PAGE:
I really appreciated you bringing up the Buddha in today’s lecture. I think it’s important for people to realize how society needs people to take responsibility–something that has been lost in Western Philosophy. The Buddha was very much into this notion of people learning to develop the skills necessary for making the world a better place (the Mahayana tradition is committed to cultivating such a person–the Bodhissatva). As you can probably tell, this whole talk is encroaching upon what my paper will be in this class.

    Finally I can say people aren’t seeing Buddhism as a religion nor as a politically passive practice. Perhaps in the Theraveda lineage, there has been a tendency to focus more on one’s spiritual enlightenment than the Other, but this has definitely changed since the rise of Tibetan (and Zen, too) Buddhism where the focus is on the Other’s enlightenment (many Tibetans will call this invoking of compassion the third vehicle). What I hope to do in this life time is to bring out another vehicle, the fourth vehicle–Western Buddhism (which is already on its way, I think!) whereby the practice is geared towards brewing individuals of God, to use Sri Aurobindo’s term, that specialize in spiritual, intellectual, and political enlightment, where the process of change is not on any particular path but for the greater good of humanity. This means positive change in every realm, and not just the spiritual. It is just that the spiritual practice really gives that ability to make this possible as it is a great instrument or tool in invoking compassion, strength, and happiness. At any rate, you’ll learn more about this when I write my paper.

  • Dennis

    Yeah, it is a very misconstrued practice. People often want to conceptualize or analyze it without having done the practice, or, merely use discursive thought to explore it as if it is a belief system. My meditation instructor always says, “Never believe anything you think!” Learning is a process of trial and error–the Gibsonian viewpoint that I love so much–because I never know what I am doing but I am always committed in the moment to whatever decision I make. If it is sustainable, then, by all means I’ll continue the art of perfecting that skill; if not, then I let it go like a bad habit. Or, at least, I try.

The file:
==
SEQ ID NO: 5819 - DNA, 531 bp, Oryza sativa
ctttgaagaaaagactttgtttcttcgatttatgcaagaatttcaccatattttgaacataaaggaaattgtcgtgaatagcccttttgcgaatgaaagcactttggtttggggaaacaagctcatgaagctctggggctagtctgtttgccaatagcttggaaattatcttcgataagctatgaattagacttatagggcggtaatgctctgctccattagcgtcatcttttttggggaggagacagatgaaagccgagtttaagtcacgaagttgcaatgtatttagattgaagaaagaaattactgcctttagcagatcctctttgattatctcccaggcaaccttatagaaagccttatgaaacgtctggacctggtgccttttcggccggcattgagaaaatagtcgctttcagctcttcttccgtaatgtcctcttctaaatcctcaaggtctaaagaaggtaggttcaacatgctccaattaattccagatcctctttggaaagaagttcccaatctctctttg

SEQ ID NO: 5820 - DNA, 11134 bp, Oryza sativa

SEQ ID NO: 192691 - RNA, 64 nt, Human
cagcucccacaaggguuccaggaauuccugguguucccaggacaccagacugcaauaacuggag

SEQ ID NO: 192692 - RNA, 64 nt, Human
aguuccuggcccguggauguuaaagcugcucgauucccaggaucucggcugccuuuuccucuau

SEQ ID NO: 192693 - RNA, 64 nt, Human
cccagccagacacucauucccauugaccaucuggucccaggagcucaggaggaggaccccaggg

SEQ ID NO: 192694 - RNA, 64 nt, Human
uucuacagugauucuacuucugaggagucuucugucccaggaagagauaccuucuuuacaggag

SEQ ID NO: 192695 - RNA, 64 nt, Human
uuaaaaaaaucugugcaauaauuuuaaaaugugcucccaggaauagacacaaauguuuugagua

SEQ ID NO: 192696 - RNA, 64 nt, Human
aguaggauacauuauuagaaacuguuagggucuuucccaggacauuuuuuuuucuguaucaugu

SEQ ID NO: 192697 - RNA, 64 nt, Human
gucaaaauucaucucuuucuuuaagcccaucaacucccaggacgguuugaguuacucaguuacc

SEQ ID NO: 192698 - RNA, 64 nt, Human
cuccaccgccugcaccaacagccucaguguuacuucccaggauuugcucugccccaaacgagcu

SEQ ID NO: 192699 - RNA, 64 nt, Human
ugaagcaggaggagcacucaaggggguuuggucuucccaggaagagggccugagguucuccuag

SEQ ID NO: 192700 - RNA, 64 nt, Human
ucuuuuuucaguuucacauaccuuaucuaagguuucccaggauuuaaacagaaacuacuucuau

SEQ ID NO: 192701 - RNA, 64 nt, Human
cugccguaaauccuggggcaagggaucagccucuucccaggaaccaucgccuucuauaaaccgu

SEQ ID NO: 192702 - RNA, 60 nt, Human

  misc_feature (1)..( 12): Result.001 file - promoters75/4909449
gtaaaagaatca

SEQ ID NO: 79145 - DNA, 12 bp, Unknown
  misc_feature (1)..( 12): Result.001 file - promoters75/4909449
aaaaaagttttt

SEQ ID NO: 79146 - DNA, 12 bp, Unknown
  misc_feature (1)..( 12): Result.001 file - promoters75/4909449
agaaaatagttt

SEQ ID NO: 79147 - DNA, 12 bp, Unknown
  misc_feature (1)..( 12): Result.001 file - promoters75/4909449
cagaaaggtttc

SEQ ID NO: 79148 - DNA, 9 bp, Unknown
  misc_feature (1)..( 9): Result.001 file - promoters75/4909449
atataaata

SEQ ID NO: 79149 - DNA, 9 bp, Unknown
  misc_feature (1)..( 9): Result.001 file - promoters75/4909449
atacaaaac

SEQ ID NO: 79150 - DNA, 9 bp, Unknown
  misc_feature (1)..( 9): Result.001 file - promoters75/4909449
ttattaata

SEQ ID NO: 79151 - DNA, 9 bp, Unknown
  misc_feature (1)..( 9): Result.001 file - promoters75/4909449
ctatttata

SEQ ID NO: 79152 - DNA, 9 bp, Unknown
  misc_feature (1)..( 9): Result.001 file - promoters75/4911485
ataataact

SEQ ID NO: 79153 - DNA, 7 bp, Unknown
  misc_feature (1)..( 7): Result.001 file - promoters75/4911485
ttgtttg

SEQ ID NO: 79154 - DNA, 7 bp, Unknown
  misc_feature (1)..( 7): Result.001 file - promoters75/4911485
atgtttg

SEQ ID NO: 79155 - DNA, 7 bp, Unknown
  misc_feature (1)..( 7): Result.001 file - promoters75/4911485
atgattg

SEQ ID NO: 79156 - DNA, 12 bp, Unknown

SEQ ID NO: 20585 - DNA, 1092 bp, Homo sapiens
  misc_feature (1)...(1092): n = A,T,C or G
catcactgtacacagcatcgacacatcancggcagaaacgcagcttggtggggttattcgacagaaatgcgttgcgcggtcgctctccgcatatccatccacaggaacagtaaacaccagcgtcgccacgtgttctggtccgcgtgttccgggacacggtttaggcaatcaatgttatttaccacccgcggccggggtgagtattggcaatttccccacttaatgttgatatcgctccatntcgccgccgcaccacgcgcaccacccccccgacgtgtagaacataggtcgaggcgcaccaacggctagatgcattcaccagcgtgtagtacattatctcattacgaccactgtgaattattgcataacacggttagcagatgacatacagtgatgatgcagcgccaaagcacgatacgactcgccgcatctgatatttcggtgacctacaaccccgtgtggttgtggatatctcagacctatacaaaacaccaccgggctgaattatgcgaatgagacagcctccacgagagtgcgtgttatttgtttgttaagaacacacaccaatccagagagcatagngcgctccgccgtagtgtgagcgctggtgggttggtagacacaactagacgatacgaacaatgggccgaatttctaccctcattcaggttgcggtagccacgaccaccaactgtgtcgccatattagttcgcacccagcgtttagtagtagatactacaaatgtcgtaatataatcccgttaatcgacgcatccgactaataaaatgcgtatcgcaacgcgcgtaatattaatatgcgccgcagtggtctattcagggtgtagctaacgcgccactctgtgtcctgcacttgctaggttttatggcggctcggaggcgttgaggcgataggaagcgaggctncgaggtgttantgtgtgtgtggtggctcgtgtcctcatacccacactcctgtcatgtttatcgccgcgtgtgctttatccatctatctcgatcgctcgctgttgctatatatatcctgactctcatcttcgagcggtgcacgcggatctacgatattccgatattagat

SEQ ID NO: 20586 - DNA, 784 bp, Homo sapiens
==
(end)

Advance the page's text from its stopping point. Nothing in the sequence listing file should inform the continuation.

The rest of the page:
I really appreciated you bringing up the Buddha in today’s lecture. I think it’s important for people to realize how society needs people to take responsibility–something that has been lost in Western Philosophy. The Buddha was very much into this notion of people learning to develop the skills necessary for making the world a better place (the Mahayana tradition is committed to cultivating such a person–the Bodhissatva). As you can probably tell, this whole talk is encroaching upon what my paper will be in this class.

    Finally I can say people aren’t seeing Buddhism as a religion nor as a politically passive practice. Perhaps in the Theraveda lineage, there has been a tendency to focus more on one’s spiritual enlightenment than the Other, but this has definitely changed since the rise of Tibetan (and Zen, too) Buddhism where the focus is on the Other’s enlightenment (many Tibetans will call this invoking of compassion the third vehicle). What I hope to do in this life time is to bring out another vehicle, the fourth vehicle–Western Buddhism (which is already on its way, I think!) whereby the practice is geared towards brewing individuals of God, to use Sri Aurobindo’s term, that specialize in spiritual, intellectual, and political enlightment, where the process of change is not on any particular path but for the greater good of humanity. This means positive change in every realm, and not just the spiritual. It is just that the spiritual practice really gives that ability to make this possible as it is a great instrument or tool in invoking compassion, strength, and happiness. At any rate, you’ll learn more about this when I write my paper.